What was he like as a commander inside in the Post Office?

I think he was more propagandist. He came around twice to us giving us pep talks. One of them ... raised our hearts. We heard that there were 3 different bands of Volunteers marching on Dublin and that there'd been a big battle out at Ashbourne and ... there was supposed to be help coming by air, whether that was true or not - a Zeppelin or something of that kind; a rumour going round amongst us. ...

I had the motor car, O’Rahilly’s motor car, and I’d been driving that around for a couple of days collecting goods – but of course when it came to the final point we had to leave it as a barricade in Prince’s Street. But I had been appointed to help Desmond Fitzgerald, who was a Commissariat man. And we moved back down with some of the wounded into [some place] .. broke through walls.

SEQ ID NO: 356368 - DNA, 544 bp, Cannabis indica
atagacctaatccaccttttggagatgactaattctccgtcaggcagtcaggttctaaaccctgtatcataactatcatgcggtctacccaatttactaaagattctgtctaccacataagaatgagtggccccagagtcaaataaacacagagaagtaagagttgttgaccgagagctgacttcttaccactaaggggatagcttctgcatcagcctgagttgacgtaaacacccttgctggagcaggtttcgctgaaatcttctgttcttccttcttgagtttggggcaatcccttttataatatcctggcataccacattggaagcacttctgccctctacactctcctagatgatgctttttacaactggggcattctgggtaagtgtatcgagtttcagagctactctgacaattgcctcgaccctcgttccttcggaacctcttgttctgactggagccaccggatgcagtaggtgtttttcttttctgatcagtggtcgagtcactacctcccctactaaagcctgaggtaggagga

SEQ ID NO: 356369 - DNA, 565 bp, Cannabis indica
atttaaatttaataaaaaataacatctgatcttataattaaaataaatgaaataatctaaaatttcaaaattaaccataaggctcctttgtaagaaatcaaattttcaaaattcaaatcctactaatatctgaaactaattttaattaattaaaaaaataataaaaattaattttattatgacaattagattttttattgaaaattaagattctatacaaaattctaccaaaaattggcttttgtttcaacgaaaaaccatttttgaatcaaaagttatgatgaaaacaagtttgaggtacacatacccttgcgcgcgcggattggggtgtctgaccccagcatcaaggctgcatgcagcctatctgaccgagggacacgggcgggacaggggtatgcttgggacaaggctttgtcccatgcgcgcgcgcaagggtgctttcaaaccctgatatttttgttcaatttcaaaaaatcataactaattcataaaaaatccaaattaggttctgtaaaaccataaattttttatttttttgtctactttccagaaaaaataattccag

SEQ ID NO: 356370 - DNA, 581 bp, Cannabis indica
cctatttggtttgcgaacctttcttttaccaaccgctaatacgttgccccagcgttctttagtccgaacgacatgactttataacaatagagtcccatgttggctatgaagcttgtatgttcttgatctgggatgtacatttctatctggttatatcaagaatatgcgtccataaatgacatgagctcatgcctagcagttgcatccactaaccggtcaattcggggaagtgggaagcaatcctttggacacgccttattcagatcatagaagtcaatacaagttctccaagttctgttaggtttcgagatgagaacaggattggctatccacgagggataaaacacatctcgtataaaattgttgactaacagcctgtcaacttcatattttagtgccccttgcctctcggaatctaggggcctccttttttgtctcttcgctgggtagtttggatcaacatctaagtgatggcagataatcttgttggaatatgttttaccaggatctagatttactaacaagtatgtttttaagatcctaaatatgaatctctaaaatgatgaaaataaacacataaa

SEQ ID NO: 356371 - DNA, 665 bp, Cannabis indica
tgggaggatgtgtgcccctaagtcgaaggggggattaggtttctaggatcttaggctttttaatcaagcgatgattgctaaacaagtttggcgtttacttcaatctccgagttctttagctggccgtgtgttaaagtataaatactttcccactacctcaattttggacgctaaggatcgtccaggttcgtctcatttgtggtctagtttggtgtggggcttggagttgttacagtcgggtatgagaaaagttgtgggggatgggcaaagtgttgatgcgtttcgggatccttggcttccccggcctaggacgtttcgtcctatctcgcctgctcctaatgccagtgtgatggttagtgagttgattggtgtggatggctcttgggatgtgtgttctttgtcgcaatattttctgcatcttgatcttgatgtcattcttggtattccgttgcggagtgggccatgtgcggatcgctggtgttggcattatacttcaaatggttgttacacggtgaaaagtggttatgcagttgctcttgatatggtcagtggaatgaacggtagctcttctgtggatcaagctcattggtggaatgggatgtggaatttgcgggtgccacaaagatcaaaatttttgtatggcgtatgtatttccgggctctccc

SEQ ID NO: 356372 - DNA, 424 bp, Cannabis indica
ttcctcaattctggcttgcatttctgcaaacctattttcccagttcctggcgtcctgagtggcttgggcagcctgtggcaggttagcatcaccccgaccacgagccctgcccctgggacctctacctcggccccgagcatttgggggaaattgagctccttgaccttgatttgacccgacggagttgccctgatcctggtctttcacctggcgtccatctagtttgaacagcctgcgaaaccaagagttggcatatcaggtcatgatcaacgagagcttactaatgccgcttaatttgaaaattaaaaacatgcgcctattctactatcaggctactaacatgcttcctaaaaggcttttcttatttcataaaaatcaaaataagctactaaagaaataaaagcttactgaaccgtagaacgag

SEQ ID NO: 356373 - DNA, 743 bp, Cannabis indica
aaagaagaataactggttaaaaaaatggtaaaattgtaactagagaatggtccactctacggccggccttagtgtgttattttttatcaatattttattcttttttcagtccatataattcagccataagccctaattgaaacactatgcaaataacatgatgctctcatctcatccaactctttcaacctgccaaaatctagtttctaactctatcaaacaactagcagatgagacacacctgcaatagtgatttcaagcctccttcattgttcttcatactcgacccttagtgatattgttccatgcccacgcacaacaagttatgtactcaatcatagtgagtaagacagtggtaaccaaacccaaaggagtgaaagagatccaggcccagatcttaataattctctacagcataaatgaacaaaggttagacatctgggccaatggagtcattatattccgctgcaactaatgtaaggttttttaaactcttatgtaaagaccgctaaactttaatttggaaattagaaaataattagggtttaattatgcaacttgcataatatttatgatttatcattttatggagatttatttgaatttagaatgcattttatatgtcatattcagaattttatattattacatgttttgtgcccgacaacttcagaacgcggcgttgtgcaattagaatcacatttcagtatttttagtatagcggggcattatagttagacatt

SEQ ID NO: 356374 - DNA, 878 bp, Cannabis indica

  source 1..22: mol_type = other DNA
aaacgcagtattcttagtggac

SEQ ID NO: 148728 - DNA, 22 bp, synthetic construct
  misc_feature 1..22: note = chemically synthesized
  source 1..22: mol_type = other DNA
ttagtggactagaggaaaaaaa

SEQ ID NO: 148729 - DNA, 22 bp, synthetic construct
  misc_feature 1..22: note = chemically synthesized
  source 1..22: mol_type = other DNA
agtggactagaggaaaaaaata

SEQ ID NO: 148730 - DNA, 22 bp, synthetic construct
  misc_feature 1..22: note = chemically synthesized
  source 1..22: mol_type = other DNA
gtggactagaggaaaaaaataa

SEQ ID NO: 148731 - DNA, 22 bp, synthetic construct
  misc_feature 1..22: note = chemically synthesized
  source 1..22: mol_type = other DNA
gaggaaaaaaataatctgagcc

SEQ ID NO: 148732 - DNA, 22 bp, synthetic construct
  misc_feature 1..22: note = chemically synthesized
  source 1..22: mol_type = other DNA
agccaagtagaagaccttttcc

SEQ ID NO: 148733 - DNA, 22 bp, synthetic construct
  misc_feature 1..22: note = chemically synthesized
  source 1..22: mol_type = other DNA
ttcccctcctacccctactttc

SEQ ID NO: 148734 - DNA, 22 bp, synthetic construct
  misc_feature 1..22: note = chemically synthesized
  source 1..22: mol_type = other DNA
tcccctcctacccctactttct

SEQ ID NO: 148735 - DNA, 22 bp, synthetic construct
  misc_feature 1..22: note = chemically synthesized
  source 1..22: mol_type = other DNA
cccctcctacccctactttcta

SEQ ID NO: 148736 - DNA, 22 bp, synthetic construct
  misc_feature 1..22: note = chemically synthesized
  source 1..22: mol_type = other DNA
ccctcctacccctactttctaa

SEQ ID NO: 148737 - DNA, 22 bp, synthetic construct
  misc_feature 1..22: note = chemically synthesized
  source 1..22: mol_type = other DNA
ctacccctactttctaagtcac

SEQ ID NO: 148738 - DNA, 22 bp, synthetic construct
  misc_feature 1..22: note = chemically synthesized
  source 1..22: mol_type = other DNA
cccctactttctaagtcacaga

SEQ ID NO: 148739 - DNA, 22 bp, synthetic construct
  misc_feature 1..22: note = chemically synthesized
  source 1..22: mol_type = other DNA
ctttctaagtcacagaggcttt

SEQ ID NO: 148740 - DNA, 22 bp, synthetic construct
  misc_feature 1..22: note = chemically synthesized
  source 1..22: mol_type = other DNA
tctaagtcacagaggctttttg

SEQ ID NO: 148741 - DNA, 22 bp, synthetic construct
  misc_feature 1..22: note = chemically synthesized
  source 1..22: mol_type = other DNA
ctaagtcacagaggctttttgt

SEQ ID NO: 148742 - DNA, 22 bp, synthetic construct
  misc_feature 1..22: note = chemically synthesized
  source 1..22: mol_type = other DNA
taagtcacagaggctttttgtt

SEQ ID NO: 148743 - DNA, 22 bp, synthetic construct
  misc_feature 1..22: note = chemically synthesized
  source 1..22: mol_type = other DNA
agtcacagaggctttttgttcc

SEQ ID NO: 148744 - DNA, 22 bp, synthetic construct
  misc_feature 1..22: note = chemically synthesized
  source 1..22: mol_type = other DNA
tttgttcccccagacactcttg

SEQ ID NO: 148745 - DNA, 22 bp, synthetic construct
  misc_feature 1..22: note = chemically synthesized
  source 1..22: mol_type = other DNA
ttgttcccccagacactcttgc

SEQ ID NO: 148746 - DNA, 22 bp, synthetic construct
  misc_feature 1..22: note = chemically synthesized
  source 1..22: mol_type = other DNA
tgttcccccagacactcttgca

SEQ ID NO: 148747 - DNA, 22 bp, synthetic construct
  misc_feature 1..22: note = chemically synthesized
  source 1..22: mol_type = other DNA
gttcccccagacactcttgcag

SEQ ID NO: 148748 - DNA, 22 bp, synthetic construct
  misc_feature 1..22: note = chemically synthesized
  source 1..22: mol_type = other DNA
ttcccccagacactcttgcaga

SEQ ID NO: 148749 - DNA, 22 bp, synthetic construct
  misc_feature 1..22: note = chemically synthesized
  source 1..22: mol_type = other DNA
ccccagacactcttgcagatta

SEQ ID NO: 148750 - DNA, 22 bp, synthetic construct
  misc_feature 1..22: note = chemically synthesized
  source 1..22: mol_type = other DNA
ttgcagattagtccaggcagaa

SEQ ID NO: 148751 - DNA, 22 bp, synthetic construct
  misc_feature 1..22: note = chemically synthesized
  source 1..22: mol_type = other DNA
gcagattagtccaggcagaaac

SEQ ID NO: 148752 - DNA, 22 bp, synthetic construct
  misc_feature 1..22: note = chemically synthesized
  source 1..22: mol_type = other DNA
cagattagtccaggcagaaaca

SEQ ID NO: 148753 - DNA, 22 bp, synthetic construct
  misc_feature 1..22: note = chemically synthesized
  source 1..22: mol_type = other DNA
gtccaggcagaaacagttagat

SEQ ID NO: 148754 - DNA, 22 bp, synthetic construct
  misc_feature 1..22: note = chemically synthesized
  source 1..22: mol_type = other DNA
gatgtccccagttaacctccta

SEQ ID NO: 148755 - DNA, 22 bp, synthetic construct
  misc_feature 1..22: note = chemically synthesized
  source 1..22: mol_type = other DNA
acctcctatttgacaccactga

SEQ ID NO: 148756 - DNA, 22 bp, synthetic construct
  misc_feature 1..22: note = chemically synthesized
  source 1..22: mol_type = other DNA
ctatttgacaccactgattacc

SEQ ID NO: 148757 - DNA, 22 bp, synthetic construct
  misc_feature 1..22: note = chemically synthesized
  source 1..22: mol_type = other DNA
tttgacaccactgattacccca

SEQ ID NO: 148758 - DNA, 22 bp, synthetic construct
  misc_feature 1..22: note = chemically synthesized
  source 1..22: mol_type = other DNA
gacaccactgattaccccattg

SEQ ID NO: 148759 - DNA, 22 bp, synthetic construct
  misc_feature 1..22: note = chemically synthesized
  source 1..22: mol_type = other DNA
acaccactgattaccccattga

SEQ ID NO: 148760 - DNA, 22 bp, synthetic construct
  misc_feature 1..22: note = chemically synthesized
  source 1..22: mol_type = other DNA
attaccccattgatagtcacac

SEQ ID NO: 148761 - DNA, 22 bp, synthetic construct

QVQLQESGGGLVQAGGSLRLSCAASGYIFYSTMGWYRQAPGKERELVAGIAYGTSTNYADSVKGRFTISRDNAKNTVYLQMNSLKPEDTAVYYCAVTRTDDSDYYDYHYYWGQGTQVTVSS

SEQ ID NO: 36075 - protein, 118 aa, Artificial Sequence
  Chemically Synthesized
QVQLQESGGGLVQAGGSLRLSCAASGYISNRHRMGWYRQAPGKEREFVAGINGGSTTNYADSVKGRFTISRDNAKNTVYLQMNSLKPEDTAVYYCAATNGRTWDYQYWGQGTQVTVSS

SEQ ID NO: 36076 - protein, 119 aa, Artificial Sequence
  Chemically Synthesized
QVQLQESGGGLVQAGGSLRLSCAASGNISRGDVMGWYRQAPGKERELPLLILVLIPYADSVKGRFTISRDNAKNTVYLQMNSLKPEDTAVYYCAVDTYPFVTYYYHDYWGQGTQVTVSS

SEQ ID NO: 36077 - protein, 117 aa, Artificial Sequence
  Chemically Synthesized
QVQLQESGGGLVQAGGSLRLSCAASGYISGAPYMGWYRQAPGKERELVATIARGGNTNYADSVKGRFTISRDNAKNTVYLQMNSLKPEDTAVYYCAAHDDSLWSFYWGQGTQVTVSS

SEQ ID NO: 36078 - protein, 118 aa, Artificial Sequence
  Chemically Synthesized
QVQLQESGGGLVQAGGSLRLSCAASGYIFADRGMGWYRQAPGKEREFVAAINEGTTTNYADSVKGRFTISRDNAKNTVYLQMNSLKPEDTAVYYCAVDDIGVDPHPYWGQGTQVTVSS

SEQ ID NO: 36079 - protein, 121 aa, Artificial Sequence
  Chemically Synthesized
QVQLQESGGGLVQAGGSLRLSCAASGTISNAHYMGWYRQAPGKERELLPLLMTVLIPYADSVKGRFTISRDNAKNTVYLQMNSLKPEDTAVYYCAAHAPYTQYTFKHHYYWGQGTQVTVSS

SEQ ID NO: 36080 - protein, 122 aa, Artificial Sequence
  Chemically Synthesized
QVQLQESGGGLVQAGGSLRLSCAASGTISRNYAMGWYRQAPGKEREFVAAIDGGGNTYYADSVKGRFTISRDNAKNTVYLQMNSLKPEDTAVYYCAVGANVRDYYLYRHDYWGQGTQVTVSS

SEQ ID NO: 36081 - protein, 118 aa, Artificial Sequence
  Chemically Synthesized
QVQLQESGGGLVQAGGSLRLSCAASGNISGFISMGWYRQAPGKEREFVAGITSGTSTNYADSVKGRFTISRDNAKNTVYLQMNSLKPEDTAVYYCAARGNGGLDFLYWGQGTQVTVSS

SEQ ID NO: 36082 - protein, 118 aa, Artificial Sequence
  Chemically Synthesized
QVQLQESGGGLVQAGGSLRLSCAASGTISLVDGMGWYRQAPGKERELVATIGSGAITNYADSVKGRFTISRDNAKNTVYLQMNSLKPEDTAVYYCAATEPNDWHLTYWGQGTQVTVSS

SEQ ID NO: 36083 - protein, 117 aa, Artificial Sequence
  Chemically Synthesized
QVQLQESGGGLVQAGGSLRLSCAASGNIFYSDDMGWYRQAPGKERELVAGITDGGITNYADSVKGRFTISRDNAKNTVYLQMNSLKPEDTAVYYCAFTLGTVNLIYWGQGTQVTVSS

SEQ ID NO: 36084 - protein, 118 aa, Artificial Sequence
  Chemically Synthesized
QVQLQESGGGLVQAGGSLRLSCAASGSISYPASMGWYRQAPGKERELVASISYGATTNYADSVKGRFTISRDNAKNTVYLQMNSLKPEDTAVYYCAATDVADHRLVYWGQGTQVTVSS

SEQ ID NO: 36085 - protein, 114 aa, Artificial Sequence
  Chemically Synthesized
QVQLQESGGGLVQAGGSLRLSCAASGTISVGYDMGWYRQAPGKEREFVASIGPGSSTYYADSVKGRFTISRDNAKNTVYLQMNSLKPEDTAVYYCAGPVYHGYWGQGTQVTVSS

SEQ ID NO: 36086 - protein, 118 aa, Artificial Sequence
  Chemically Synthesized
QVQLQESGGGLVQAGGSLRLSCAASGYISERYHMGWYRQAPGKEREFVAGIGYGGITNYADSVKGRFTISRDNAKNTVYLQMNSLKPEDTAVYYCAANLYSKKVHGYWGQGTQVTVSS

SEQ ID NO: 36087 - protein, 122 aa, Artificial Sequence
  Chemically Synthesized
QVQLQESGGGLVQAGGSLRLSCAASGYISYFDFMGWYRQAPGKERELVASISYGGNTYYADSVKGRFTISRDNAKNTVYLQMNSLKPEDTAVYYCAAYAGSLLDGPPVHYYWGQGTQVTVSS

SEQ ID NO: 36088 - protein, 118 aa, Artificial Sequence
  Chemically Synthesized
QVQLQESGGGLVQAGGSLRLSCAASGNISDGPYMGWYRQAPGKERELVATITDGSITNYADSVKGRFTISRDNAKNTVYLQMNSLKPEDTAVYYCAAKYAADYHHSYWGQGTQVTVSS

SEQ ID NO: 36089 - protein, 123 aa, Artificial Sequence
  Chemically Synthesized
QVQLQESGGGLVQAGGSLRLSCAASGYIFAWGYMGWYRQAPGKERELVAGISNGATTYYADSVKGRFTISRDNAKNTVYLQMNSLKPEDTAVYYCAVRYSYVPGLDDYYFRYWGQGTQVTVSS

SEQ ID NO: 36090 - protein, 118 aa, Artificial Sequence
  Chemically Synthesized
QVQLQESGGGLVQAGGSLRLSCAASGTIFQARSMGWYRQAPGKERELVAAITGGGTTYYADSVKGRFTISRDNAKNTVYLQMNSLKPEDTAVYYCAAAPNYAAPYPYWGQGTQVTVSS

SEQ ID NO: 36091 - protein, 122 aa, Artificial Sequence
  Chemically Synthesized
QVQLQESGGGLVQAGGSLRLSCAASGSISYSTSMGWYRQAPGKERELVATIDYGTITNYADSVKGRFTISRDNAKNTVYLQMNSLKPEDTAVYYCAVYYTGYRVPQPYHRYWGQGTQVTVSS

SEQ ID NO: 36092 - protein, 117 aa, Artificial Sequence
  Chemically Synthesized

I wasn’t actually in Moore St. And I heard of my uncle’s death only 2 days later when I was in the Castle. A Tommy mentioned about one of the leaders, O’Rahilly, being killed. And it was a frightful shock because I knew they’d got out alright. I didn’t know that any of them had been killed at the time.

When did you meet Joe Plunkett first?

... A few days before the Rising actually ... [Joe Plunkett] sent me a message ... to bring our family car to the Post Office on the Monday morning. But he didn’t know at the time that we hadn’t a car of our own. It was half and half jointly owned between O’Rahilly and Humphreys. So of course O’Rahilly had already brought the car into the Post Office, so I wasn’t able to do that bit of work for him.

  

McDonagh at St.Enda's

MacDonagh was another of those outstanding teachers ... you didn't sit in the desk and not listen to him. Because he was an out and out poet himself. And he explained everything ...